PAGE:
During my time as an English student at Mississippi Gulf Coast Community college, I have had the pleasure of studying under several brilliant instructors – one of whom is Dr. Jordan Sanderson. Dr. Sanderson is a Mississippi native who has been a Jackson County resident for the past ten years; he is also a passionate writer and teacher who inspires his readers and students alike. He earned his Ph.D. from the University of Southern Mississippi in 2007, and after teaching at Auburn University from 2007-2009, he moved to the Gulf Coast to teach for the Jackson County Campus of MGCCC. During his time as a community college instructor, he has won multiple prestigious awards including the 2010 HEADWAE award.
For Jackson County, he was named the 2012-2013 Instructor of the Year, the 2014 William Winter Scholar, and the 2015 Humanities Professor of the Year. I have had the pleasure of taking several classes over the past two years under Dr. Sanderson, and I recently interviewed him about his life and career. When asked why he chose to teach in Jackson County, Dr. Sanderson explained that he loves teaching for a community college because he is passionate about his students; the small class sizes are perfect for one-on-one communication, and he says that seeing others succeed has become his life’s greatest motivation. He loves teaching in his home state, and he specifically chose to work along the coast because he sincerely enjoys the diversity of our community (as well as living on the water). The estuarian scenery surrounding us is a beautiful form of inspiration, and in the words of one of Dr. Sanderson’s favorite poets, Wallace Stevens, “Perhaps the truth depends on a walk around the lake.”
On the subject of inspiration, I asked Dr. Sanderson to tell me about when he discovered his love for writing. He said that he actually discovered his passion when he was introduced to hair metal/1980’s hard rock music when he was in third grade. The unique lyrics inspired him, and to this day, rock and rap music are two of his favorite genres. Aside from heavy metal music and mother nature, Dr. Sanderson credits one of his greatest sources of writing inspiration to the sense of gratitude that he has for simply being alive. He exhibits an attitude of appreciation to nearly every influence in his life, including his previous USM instructors (such as Dr. Angela Ball), his former classmates (including Mike Basset, Shanti Weiland, and Allision Cambell), his favorite authors (Victoria Chang, Ocean Vuong, James Tate, Dara Wier, Charles Simic, and Ada Limóne – among others), and the literary works that have made an impact on his life (such as the collected poems of Wallace Stevens, Viktor Frankl’s “Man’s Search for Meaning”, and Samuel Beckett’s “End Game”). He is grateful to have the opportunity to be a writer, explaining that it is a powerful experience to be able to create a narrative and help shape the world around you.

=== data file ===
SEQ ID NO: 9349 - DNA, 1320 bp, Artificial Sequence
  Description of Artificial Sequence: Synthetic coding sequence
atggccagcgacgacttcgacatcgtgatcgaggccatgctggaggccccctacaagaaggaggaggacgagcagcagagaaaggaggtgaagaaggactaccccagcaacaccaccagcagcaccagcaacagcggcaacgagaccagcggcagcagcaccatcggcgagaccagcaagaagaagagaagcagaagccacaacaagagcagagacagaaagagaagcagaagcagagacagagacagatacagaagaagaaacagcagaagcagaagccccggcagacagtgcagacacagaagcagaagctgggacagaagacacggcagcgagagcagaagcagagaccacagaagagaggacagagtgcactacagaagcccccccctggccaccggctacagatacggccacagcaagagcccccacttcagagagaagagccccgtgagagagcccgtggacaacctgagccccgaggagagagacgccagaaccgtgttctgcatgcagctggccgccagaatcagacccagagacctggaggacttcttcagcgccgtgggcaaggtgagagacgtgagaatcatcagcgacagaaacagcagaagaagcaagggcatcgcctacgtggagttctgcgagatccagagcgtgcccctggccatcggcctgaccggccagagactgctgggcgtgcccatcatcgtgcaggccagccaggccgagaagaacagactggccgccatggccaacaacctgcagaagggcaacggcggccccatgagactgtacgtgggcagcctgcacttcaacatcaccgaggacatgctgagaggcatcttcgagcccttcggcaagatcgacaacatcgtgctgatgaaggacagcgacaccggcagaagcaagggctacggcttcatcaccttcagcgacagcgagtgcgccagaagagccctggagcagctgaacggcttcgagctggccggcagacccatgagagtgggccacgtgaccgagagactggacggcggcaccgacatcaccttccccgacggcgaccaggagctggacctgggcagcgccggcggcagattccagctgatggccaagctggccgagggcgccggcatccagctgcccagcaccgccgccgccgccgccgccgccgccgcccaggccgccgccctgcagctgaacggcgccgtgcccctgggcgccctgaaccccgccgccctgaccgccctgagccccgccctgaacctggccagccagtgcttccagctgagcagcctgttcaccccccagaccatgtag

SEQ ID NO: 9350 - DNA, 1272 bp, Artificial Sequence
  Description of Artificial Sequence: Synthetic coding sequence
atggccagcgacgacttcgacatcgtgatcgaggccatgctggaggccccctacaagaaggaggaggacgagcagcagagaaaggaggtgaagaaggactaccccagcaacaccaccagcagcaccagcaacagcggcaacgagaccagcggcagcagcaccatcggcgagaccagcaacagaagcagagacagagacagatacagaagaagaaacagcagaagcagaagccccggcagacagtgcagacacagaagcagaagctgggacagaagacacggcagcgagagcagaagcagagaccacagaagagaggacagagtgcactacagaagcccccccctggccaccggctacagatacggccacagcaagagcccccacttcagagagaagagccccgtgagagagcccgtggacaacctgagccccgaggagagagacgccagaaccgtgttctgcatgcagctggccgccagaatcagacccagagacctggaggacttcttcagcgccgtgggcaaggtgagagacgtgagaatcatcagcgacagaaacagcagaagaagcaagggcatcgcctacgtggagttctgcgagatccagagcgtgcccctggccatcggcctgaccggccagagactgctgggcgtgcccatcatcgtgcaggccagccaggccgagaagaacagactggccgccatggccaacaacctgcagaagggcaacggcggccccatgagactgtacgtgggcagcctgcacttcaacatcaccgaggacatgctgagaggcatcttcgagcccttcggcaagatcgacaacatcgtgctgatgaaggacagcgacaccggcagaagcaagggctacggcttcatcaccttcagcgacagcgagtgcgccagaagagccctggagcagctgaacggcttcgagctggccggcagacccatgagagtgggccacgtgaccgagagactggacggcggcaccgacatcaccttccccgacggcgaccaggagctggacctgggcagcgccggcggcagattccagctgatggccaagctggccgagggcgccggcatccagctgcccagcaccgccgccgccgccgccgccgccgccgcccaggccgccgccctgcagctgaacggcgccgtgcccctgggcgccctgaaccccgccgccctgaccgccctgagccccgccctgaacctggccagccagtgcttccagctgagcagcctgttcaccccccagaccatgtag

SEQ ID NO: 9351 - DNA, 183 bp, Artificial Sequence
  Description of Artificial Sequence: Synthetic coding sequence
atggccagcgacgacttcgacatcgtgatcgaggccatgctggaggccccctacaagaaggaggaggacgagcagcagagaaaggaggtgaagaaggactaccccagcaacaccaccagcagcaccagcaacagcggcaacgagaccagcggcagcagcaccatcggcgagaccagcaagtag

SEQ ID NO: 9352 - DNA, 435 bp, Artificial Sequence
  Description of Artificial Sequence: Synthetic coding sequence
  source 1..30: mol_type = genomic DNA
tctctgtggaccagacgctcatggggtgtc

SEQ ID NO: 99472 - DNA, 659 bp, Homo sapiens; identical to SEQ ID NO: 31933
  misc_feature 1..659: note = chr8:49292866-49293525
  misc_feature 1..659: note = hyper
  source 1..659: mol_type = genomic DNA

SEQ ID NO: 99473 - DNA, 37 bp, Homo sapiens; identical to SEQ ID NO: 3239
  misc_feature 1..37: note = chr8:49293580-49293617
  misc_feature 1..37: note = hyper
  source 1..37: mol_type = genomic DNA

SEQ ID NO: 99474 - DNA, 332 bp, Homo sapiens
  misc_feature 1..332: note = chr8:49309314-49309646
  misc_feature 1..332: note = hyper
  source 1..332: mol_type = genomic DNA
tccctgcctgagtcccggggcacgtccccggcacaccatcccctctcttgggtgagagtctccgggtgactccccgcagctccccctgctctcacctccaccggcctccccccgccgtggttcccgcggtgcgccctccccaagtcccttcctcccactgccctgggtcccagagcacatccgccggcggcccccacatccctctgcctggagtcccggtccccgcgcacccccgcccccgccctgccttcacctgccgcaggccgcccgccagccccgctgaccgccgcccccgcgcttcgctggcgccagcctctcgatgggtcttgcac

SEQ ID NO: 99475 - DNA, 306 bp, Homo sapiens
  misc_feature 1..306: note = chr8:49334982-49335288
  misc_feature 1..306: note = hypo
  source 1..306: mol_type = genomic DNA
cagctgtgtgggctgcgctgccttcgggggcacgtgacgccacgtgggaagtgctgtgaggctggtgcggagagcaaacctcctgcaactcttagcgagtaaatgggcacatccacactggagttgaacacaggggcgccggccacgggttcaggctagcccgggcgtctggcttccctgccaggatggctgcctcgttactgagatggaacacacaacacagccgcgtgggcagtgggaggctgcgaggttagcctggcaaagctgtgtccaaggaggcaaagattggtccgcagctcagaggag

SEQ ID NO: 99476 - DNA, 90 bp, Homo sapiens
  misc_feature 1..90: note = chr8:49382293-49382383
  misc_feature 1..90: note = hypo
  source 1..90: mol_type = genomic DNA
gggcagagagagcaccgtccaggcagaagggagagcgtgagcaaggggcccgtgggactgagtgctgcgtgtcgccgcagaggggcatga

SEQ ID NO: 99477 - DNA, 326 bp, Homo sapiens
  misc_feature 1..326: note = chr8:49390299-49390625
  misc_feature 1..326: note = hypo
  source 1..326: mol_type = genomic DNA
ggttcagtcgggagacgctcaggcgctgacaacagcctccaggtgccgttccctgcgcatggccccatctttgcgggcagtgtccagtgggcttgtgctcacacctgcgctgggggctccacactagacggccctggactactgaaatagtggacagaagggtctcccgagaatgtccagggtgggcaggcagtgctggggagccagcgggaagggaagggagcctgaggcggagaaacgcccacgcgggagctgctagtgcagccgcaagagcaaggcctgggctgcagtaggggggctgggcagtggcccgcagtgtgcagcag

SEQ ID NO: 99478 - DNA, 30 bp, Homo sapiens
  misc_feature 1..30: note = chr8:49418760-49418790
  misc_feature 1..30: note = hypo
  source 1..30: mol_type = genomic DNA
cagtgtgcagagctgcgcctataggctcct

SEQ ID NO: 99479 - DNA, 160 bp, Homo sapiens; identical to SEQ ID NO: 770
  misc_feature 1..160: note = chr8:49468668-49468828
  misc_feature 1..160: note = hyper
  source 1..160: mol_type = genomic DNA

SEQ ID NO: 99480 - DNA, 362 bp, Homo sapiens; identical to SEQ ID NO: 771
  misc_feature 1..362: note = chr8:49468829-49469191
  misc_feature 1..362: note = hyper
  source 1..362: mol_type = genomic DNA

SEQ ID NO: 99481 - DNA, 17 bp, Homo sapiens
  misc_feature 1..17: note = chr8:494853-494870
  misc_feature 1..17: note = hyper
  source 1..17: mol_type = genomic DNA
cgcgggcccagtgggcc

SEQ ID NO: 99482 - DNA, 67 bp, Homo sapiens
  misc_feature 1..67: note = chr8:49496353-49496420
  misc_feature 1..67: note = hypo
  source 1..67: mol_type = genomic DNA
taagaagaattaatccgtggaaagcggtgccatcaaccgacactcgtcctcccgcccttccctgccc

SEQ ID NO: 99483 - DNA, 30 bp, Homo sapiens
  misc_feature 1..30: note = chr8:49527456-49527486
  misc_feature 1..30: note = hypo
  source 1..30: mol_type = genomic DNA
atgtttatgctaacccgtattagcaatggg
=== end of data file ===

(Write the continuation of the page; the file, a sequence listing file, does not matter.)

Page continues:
During the many classes that I took from Dr. Sanderson, I saw his intense love for literature, writing, and teaching pour into the room and his students; he is passionate about helping those around him to succeed. When asked what advice he would give to aspiring writers, he says to (first and foremost) read – read a lot.) Writers inspire each other and discovering the ideas and narratives of others can be a catalyst for your own imagination. He also says to write as much and as often as you can, and in the process, get used to rejection. Creating your story takes time, trial, and error. Writing as much as possible is essential to finding what works – and what doesn’t. Dr. Sanderson’s goals for the future include completing a full manuscript of his poetry, continuing to improve as both a writer and a teacher, and not wasting any of the time that is given to him. A quote that he likes to live by is from German philosopher Friedrich Nietzsche, and I feel that it is a simple (yet profound) reminder for us all: “He who has a why to live can bear almost any how.”
Links to pieces of Dr. Jordan Sanderson’s work: http://bettermagazine.org/002/jordansanderson.html http://www.literaryorphans.org/rookery/TheFiddleback/?page_id=238 https://pantheonmag.com/two-poems-jordan-sanderson/